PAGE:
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How Airlines Are Helping Those in Need During the Coronavirus Pandemic

These airlines are stepping up to deliver medical supplies and transport essential personnel.


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“The natural human instinct is to want to help in any way possible.” That’s the first thing VistaJet’s Chief Commercial Officer Ian Moore said when asked what his company was doing to help those in need during the COVID-19 pandemic.

“Obviously in some situations you’re helpless, but in some, you can be the difference,” continued Moore.

Right now, we’re finding that airlines can indeed be the difference. Over the last few weeks, leaders in the aviation industry have stepped up to assist with repatriation efforts, and to deliver necessary medical supplies to the areas that need them most.

This represents a shift in the aviation industry that no one saw coming. Moore has been monitoring the coronavirus spread since long before it was declared a pandemic, because VistaJet facilitates a significant amount of business travel abroad. However, in just the last few weeks, they have seen their product fully pivot, almost overnight.

“We went from being very much a business tool and a family holiday company to a very serious repatriation company,” said Moore. On March 20, when the U.S. put out a Global Health Advisory encouraging citizens to return home, VistaJet shifted to focus entirely on “connecting loved ones and getting them to their safe haven,” Moore said.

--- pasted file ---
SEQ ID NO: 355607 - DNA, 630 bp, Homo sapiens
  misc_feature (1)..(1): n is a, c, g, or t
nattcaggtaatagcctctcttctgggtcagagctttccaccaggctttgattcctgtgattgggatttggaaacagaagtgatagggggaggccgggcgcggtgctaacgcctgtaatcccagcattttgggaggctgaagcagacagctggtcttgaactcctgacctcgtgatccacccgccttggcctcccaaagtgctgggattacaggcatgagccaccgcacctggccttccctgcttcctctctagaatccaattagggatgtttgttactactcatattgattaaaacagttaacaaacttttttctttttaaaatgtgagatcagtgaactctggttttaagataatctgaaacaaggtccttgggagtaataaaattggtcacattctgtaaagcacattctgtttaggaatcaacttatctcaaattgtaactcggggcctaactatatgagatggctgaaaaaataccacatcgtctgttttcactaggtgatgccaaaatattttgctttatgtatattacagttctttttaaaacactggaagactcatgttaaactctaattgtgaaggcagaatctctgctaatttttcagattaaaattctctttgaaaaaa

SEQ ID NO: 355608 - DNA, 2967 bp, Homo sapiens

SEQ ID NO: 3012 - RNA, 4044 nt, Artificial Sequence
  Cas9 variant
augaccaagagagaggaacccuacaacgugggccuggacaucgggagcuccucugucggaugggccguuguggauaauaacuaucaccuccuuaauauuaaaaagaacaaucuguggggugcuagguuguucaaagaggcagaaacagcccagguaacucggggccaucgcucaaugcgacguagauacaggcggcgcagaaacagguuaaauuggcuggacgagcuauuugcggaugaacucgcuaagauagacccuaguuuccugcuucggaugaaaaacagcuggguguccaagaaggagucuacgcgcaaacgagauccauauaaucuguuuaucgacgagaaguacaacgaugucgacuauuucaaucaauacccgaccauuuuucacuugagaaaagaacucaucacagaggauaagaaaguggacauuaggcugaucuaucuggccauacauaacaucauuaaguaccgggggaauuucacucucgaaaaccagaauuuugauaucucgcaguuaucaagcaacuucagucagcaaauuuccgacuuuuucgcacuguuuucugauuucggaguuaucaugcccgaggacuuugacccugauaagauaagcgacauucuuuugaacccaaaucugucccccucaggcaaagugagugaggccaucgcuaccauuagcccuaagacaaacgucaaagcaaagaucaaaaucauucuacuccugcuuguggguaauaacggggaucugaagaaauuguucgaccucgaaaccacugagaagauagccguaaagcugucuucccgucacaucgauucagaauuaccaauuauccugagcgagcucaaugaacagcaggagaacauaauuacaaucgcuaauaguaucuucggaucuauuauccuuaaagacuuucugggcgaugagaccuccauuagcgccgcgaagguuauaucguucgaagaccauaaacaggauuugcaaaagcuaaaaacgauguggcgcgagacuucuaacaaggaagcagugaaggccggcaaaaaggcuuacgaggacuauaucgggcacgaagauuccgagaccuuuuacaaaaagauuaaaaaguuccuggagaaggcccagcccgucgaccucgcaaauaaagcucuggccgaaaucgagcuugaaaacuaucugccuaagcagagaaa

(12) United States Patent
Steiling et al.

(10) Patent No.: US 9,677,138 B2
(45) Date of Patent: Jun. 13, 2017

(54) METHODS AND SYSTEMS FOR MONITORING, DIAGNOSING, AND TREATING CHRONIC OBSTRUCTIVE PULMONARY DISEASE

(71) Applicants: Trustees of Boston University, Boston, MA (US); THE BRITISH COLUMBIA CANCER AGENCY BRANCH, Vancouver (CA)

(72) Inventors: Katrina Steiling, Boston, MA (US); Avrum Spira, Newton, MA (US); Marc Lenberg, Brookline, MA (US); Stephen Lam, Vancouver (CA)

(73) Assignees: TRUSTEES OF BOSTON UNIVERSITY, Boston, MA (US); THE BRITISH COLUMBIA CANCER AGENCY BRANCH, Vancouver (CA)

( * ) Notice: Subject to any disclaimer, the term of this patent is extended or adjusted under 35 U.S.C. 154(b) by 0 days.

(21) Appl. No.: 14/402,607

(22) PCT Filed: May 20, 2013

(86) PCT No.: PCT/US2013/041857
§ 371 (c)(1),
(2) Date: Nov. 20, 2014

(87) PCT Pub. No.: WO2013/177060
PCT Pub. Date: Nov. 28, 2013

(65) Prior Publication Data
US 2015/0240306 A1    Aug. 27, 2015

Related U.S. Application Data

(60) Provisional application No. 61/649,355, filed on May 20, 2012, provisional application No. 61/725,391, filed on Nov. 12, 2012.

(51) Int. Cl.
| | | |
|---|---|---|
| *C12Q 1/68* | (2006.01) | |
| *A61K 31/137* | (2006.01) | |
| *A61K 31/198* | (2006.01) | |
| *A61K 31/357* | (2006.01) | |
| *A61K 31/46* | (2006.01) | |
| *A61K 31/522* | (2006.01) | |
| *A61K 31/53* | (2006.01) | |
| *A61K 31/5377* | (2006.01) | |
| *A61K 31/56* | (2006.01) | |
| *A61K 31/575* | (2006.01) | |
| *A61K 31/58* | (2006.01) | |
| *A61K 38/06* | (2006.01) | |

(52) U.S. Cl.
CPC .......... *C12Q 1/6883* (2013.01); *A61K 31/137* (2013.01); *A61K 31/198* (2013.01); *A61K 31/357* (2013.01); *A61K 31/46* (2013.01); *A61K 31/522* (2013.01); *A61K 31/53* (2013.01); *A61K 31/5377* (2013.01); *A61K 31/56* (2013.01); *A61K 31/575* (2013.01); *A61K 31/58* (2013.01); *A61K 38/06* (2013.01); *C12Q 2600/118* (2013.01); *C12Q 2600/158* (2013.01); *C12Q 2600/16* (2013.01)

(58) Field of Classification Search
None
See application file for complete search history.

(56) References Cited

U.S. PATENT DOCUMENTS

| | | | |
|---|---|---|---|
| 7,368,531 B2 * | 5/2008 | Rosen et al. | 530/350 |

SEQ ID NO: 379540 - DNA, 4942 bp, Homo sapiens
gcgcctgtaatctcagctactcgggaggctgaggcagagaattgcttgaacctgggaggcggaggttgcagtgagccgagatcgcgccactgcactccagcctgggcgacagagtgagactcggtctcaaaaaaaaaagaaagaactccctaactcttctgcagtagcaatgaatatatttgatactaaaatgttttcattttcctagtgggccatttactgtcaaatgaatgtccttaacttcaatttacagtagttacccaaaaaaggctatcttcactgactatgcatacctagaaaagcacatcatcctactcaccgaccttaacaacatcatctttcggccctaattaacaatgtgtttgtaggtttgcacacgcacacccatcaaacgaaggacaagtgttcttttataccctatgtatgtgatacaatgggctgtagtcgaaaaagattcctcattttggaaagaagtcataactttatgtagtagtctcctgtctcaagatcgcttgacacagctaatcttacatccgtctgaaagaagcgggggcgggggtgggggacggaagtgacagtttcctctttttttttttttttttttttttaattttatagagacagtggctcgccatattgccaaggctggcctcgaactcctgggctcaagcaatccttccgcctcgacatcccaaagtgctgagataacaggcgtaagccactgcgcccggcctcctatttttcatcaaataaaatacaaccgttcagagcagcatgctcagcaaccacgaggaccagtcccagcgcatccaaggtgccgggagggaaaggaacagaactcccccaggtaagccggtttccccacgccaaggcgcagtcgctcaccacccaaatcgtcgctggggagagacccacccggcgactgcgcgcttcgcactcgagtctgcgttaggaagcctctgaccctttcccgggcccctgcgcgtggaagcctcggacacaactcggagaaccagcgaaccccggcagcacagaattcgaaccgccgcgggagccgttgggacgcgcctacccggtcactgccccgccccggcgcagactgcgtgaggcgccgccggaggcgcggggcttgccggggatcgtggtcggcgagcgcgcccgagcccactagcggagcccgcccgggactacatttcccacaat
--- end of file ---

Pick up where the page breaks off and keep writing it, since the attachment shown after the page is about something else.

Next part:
“The expectations from the customer changed from, ‘can I have caviar and champagne on board?’ to ‘are you still able to fly me into that location,’ or, ‘can you get me home?’”

Whenever possible, VistaJet’s answer has been yes. As long as they can get the permits needed to fly a client home to safety, they will. And the question propelling the company forward right now is, of course, how can we help?

Fortunately, that’s a common sentiment among airlines at the moment, even as the airport closures, border restrictions, and grounded flights wreck havoc on their industry.

These are how airlines, from private jet company VistaJet to Delta Air Lines, are helping those in need during the COVID-19 pandemic.


Beyond repatriation efforts, VistaJet is transporting government officials on their empty flight legs. They started by reaching out to as many governments as possible, and set up a daily email announcing their empty legs, should officials need immediate transport. They have had a lot of success getting people out of smaller locations that commercial airlines wouldn’t normally fly to. VistaJet is also partnering with some of their clients as well as medical organizations to transport important medical supplies and health experts where possible.

Delta Air Lines